Predictors of CD4(+) T-cell counts of HIV type 1-infected persons after virologic failure of all 3 original antiretroviral drug classes.

TitlePredictors of CD4(+) T-cell counts of HIV type 1-infected persons after virologic failure of all 3 original antiretroviral drug classes.
Publication TypeJournal Article
Year of Publication2013
AuthorsCostagliola D, Ledergerber B, Torti C, van Sighem A, Podzamczer D, Mocroft A, Dorrucci M, Masquelier B, De Luca A, Jansen K, De Wit S, Obel N, Fätkenheuer G, Touloumi G, Mussini C, Castagna A, Stephan C, García F, Zangerle R, Duval X, Pérez-Hoyos S, Meyer L, Ghosn J, Fabre-Colin C, Kjaer J, Chêne G, Grarup J, Phillips A, Lodwick R, Torti C, Dorrucci M, Günthard H, Michalik C, Chrysos G and Castagna A
Corporate AuthorsPursuing Later Treatment Option II(PLATO II) Project Team of the Collaboration of Observational HIV Epidemiological Research Europe(COHERE)
JournalJ Infect Dis
Volume207
Issue5
Pagination759-67
Date Published2013 Mar 01
ISSN1537-6613
KeywordsAdult, Anti-Retroviral Agents, CD4 Lymphocyte Count, Female, HIV Infections, Humans, Male, Middle Aged, Treatment Failure, Viral Load
Abstract

BACKGROUND: Low CD4(+) T-cell counts are the main factor leading to clinical progression in human immunodeficiency virus type 1 (HIV-1) infection. We aimed to investigate factors affecting CD4(+) T-cell counts after triple-class virological failure.METHODS: We included individuals from the COHERE database who started antiretroviral therapy from 1998 onward and who experienced triple-class virological failure. CD4(+) T-cell counts obtained after triple-class virologic failure were analyzed using generalized estimating equations.RESULTS: The analyses included 2424 individuals with a total of 23 922 CD4(+) T-cell count measurements. In adjusted models (excluding current viral load and year), CD4(+) T-cell counts were higher with regimens that included boosted protease inhibitors (increase, 22 cells/µL [95% confidence interval {CI}, 3.9-41]; P = .017) or drugs from the new classes (increase, 39 cells/µL [95% CI, 15-62]; P = .001), compared with nonnucleoside reverse-transcriptase inhibitor-based regimens. These associations disappeared when current viral load and/or calendar year were included. Compared with viral levels of <2.5 log(10) copies/mL, levels of 2.5-3.5, 3.5-4.5, 4.5-5.5, and >5.5 log(10) copies/mL were associated with CD4(+) T-cell count decreases of 51, 84, 137, and 186 cells/µL, respectively (P < .001).CONCLUSIONS: The approximately linear inverse relationship between log(10) viral load and CD4(+) T-cell count indicates that there are likely immunologic benefits from lowering viral load even by modest amounts that do not lead to undetectable viral loads. This is important for patients with low CD4(+) T-cell counts and few drug options.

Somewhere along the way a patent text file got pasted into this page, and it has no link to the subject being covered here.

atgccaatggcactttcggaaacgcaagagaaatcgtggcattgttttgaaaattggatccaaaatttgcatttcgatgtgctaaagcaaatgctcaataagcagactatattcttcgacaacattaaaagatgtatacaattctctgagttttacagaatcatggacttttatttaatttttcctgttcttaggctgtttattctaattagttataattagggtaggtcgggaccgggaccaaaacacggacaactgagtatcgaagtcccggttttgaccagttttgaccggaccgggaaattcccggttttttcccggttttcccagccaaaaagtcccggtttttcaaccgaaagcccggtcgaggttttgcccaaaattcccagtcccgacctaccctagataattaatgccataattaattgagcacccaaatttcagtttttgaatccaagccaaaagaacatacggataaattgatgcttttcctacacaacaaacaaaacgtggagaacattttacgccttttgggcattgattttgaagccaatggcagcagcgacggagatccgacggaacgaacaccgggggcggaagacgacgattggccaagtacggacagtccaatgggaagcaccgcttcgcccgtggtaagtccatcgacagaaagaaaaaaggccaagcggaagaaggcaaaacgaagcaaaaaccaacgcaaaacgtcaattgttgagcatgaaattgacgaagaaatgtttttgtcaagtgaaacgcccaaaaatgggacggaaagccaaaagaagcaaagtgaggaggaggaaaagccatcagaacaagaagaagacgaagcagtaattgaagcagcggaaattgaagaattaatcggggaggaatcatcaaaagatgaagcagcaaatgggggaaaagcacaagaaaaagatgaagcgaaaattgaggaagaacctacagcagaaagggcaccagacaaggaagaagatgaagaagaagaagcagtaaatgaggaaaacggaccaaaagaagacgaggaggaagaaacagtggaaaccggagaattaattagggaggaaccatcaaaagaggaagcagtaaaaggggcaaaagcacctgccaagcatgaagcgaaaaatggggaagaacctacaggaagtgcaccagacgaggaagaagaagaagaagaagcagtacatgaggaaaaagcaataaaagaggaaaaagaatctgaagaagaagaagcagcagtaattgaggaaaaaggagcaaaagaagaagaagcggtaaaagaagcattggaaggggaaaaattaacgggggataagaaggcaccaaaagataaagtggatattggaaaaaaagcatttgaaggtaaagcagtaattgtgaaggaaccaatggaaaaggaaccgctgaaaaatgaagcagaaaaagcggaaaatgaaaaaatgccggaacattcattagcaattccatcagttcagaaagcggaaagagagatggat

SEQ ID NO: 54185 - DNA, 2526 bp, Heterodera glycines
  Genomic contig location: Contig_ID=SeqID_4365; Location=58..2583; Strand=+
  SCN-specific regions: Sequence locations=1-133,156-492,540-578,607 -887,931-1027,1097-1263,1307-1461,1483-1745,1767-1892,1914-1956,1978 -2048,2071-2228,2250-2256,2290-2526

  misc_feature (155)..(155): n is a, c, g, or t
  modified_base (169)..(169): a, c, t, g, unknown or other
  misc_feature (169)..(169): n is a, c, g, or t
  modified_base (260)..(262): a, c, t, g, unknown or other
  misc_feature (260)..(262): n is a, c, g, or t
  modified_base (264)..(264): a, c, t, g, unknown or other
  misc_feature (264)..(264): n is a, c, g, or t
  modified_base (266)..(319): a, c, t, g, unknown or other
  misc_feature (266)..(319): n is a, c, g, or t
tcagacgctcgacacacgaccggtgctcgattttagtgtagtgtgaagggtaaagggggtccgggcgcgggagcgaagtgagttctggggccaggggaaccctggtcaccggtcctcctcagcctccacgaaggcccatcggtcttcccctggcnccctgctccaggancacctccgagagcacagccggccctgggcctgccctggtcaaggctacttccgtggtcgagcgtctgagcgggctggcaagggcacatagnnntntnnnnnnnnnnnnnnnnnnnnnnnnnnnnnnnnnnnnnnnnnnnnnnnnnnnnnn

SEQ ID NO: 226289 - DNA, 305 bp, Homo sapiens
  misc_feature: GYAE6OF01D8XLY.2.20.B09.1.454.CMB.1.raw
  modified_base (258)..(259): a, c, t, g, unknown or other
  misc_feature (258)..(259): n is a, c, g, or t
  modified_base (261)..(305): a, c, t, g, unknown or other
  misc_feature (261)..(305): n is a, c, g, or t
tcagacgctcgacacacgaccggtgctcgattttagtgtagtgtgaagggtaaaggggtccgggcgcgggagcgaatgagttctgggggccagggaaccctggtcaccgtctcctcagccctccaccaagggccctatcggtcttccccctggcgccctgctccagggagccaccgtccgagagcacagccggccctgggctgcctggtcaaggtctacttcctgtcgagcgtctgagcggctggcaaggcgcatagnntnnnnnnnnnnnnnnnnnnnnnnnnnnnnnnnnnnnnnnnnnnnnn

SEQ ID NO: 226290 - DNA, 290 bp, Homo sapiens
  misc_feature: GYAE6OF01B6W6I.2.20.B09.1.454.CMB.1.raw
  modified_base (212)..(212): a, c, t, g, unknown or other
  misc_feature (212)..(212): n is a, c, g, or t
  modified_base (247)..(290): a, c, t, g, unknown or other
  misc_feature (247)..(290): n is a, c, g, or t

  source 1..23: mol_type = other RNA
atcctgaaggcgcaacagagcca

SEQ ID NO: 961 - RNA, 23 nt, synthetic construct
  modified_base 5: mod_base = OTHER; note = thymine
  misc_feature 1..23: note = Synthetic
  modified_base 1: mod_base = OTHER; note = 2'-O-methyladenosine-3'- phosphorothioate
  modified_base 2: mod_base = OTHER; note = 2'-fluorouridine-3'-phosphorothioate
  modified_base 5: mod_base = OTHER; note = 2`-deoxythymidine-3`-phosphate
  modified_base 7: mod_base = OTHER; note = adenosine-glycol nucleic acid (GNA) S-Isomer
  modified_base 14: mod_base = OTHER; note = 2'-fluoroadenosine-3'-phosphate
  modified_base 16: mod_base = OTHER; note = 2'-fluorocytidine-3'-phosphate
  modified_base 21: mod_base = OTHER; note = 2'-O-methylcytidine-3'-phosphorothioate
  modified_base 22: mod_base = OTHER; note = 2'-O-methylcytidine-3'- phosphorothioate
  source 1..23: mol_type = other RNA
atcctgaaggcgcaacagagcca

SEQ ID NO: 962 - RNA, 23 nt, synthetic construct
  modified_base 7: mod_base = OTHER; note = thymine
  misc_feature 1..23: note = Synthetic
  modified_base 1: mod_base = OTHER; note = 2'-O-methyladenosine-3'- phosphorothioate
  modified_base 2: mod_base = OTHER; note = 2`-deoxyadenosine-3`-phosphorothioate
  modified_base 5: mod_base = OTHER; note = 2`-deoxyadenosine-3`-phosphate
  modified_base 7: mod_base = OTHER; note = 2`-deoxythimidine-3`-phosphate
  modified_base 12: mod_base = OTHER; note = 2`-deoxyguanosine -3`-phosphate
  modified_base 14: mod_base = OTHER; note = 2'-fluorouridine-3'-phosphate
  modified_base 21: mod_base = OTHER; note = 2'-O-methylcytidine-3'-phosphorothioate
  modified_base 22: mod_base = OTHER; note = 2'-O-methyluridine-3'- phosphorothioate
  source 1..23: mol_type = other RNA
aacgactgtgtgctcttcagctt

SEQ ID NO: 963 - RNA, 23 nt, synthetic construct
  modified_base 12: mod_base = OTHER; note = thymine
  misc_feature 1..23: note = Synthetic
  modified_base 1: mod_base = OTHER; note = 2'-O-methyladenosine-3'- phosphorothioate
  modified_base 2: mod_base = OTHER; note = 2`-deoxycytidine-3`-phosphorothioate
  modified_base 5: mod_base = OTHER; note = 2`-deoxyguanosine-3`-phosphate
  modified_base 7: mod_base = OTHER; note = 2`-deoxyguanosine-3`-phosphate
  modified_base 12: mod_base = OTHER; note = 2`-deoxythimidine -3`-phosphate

DOI10.1093/infdis/jis752
Alternate JournalJ. Infect. Dis.
PubMed ID23225900
Grant ListG0700832 / / Medical Research Council / United Kingdom
G0900274 / / Medical Research Council / United Kingdom